What Would a ‘Canadian-style’ Brexit Deal Mean for International Business?

Michel Barnier, the EU’s chief Brexit negotiator, has suggested that a post-Brexit deal similar to Canada’s is the most likely future trade deal for the UK [1]. It would allow the UK to retain control over immigration and regulatory standards. But how would such an arrangement be enacted, and what would it mean for UK companies doing business abroad? Here, we examine a Canadian-style Brexit deal and its potential impact on international expansion.

The Implications for International Business

The Comprehensive Economic and Trade Agreement (CETA) is Canada’s trade agreement with the EU. This deal removed 98% of tariffs on imports between both parties, but it did not remove non-duty barriers to trade. As a result, customs checks would still be required between the UK and EU. We know that, if a deal similar to CETA is enacted, access to EU trade will not be nearly as comprehensive as it is currently – particularly for businesses in the key UK financial sector. These companies would not be guaranteed the right to offer their services in the EU.

Currently, 43% of the UK’s exports in goods and services go to the EU, and 54% of UK imports come from these countries [3]. Therefore, any inhibitory changes to trade terms will impact UK businesses looking to expand into the EU. It is also possible that sensitive goods and services could be excluded from any trade deal, as was the case with CETA.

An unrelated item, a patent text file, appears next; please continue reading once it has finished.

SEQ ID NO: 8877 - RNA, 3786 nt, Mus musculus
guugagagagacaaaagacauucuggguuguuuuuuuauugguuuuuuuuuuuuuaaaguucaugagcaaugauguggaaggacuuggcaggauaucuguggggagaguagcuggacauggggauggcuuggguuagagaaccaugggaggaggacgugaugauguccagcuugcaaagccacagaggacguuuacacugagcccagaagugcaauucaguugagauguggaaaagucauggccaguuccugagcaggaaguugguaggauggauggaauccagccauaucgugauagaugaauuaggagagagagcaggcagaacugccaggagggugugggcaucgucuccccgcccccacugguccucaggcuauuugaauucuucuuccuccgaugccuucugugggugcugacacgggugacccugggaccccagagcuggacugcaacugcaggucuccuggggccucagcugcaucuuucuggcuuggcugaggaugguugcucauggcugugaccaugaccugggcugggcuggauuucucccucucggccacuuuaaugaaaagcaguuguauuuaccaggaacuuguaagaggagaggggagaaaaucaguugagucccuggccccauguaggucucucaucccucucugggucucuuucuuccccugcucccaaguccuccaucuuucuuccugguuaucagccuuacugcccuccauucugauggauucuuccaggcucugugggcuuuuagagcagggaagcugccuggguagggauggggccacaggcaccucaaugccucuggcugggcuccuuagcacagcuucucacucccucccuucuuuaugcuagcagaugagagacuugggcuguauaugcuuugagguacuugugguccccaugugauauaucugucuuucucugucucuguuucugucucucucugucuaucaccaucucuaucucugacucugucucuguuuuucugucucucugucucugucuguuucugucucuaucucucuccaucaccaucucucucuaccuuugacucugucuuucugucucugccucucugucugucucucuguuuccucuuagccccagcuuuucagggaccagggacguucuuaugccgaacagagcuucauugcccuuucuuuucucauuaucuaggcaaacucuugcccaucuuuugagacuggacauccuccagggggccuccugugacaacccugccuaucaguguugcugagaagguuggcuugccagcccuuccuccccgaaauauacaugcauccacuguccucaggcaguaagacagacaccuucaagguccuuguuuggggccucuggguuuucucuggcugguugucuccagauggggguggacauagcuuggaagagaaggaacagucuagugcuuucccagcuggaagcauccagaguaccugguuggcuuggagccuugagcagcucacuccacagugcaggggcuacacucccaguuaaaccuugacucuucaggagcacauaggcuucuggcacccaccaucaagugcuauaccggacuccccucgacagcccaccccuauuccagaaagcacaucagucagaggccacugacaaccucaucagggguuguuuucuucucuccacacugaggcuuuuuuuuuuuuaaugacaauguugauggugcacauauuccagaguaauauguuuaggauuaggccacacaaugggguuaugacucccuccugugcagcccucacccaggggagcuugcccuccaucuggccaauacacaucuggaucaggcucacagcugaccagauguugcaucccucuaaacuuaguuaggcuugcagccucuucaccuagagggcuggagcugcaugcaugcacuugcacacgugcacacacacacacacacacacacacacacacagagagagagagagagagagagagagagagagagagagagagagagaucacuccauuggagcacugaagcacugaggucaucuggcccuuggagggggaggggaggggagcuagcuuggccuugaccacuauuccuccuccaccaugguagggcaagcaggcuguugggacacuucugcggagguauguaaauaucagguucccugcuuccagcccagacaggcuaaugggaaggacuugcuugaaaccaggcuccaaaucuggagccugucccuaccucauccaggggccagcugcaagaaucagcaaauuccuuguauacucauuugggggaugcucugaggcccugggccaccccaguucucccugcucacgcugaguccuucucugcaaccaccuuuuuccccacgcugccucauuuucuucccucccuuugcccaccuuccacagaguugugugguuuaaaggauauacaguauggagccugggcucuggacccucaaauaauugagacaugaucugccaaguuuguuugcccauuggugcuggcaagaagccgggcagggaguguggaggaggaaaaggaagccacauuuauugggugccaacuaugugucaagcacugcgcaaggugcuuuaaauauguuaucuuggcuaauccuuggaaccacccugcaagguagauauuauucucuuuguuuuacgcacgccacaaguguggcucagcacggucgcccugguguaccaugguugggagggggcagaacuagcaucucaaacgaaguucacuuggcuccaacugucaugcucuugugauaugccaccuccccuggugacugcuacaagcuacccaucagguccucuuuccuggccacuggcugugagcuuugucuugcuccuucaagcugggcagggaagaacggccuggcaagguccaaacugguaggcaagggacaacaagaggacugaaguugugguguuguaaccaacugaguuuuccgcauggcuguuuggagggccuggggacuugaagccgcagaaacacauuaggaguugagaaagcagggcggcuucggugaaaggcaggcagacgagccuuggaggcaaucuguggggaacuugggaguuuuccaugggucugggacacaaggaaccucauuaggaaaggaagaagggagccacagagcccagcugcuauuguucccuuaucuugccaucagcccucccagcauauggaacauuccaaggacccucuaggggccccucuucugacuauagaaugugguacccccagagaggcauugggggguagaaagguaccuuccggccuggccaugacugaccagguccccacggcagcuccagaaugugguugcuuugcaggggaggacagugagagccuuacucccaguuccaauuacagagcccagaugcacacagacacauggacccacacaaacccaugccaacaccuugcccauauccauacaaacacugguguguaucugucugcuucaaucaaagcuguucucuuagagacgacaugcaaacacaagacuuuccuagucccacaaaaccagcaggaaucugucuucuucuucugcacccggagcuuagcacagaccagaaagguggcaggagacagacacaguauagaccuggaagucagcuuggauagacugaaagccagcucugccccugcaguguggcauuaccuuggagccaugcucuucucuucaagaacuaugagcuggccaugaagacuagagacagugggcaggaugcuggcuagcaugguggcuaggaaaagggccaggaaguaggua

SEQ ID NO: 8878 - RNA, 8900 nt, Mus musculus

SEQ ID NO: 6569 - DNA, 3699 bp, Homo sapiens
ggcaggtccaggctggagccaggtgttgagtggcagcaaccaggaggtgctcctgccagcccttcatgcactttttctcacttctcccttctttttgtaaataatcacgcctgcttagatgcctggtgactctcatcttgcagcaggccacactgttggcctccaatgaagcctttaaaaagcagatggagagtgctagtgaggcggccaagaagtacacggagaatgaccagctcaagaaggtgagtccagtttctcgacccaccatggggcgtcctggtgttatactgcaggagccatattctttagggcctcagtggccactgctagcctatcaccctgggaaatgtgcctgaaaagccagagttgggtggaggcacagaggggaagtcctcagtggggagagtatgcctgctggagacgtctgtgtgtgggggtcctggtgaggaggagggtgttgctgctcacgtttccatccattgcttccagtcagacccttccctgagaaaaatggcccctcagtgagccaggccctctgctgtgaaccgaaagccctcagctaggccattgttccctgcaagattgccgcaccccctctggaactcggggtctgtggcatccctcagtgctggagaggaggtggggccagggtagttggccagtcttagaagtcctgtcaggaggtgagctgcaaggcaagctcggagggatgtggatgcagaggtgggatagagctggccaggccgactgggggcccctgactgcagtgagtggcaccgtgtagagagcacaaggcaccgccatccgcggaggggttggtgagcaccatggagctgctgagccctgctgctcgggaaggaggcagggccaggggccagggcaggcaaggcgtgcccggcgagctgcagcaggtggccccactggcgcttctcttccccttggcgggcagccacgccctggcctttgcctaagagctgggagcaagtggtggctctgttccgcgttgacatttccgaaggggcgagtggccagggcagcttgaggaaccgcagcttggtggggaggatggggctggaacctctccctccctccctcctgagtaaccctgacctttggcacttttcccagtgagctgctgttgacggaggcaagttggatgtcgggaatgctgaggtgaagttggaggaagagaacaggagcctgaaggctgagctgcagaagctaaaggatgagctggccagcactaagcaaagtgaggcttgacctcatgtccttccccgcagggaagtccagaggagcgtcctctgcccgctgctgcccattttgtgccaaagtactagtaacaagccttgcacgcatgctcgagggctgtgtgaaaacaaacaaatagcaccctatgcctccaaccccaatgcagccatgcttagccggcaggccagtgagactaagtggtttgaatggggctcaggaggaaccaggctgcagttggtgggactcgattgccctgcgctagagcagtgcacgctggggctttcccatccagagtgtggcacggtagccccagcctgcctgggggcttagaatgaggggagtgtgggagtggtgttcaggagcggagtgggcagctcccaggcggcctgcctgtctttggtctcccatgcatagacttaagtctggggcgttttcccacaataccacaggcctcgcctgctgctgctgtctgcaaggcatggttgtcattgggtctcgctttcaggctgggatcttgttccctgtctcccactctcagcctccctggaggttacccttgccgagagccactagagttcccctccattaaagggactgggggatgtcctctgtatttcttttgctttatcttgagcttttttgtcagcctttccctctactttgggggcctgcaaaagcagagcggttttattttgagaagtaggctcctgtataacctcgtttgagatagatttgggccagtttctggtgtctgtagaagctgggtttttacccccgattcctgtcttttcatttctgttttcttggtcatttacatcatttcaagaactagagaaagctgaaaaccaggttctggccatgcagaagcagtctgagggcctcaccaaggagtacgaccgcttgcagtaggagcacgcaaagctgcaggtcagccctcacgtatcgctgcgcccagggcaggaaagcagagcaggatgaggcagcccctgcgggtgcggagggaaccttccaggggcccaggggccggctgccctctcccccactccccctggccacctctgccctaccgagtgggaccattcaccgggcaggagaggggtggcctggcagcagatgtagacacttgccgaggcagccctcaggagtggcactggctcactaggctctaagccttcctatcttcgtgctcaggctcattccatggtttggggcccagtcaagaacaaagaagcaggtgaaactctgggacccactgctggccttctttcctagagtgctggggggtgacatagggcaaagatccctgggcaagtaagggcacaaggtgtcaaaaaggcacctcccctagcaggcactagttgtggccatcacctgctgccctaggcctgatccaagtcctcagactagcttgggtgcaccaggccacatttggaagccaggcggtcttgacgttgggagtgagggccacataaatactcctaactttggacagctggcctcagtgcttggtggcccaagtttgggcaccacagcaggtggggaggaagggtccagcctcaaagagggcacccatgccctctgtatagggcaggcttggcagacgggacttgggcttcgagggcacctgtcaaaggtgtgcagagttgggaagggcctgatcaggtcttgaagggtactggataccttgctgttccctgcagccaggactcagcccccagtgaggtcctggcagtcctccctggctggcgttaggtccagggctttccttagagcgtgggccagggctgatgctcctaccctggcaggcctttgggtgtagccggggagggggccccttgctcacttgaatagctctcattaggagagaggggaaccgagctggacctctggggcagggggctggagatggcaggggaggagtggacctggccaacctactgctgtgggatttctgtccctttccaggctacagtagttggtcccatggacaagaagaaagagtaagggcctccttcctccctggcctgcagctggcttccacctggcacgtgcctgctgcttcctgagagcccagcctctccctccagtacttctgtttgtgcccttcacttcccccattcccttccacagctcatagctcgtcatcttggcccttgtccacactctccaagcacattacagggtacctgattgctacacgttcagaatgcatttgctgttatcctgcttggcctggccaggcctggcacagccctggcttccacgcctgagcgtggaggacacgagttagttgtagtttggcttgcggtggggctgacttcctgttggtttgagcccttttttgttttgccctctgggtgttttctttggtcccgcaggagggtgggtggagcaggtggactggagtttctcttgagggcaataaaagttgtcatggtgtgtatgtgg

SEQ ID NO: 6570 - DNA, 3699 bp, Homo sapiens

Applying the Canadian Blueprint

If history helps us to make predictions of the effects of a Canadian-style deal for the UK, it is likely to be a drawn-out process. The negotiation of CETA was a contentious process that lasted seven years, including two years alone to obtain all the ratifications from parties such as Wallonia.

Theresa May has made it clear that she does not want to negotiate terms of transition with the EU until a final trade deal is reached [2]. If this goal is not achieved, it is highly possible the UK could face a significant gap between the end of any transition period and the start of a new trade deal. An extended transition deal would alleviate this issue but is unpopular with Brexiters in the UK. To find out more about how a transitional deal (or lack thereof) could affect international business, read our article on the topic here.

For business owners, the uncertainty of Brexit puts a strain on moving forward with plans for international expansion. Fortunately, Galvin International’s international business expansion concierge service can provide you with the resources, guidance and implementation you need to expand your company in these times of instability. With our vast network of partners, we help your business work through the complexities of expansion and compliance, taking into account the effects of potential trade deals and what they mean for your industry and your target market. Get in touch with our team of expansion experts today to learn more about how Galvin International can help you navigate your company’s global growth.

[1] https://www.theguardian.com/politics/2017/oct/23/uk-likely-to-end-up-with-canadian-style-deal-warns-michel-barnier

[2] https://www.theguardian.com/politics/2017/oct/23/brexit-transition-period-final-eu-trade-deal-theresa-may

[3] https://fullfact.org/europe/uk-eu-trade/

RELATED BLOGS

Find us

London

Contact: John Galvin
Mobile: +44-(0)7905-797723 | Office: +44-(0)203-755-3706
Email: john.galvin@galvininternational.com
Address: 344-354 Gray's Inn Road, London WC1X 8BP, United Kingdom

New York

Contact: Brandon Rosenthal
Mobile: +1-914-906-0474 | Office: +1-212-452-7810
Email: brandon.rosenthal@galvininternational.com
Address: 450 Lexington Avenue, New York, NY 10017, USA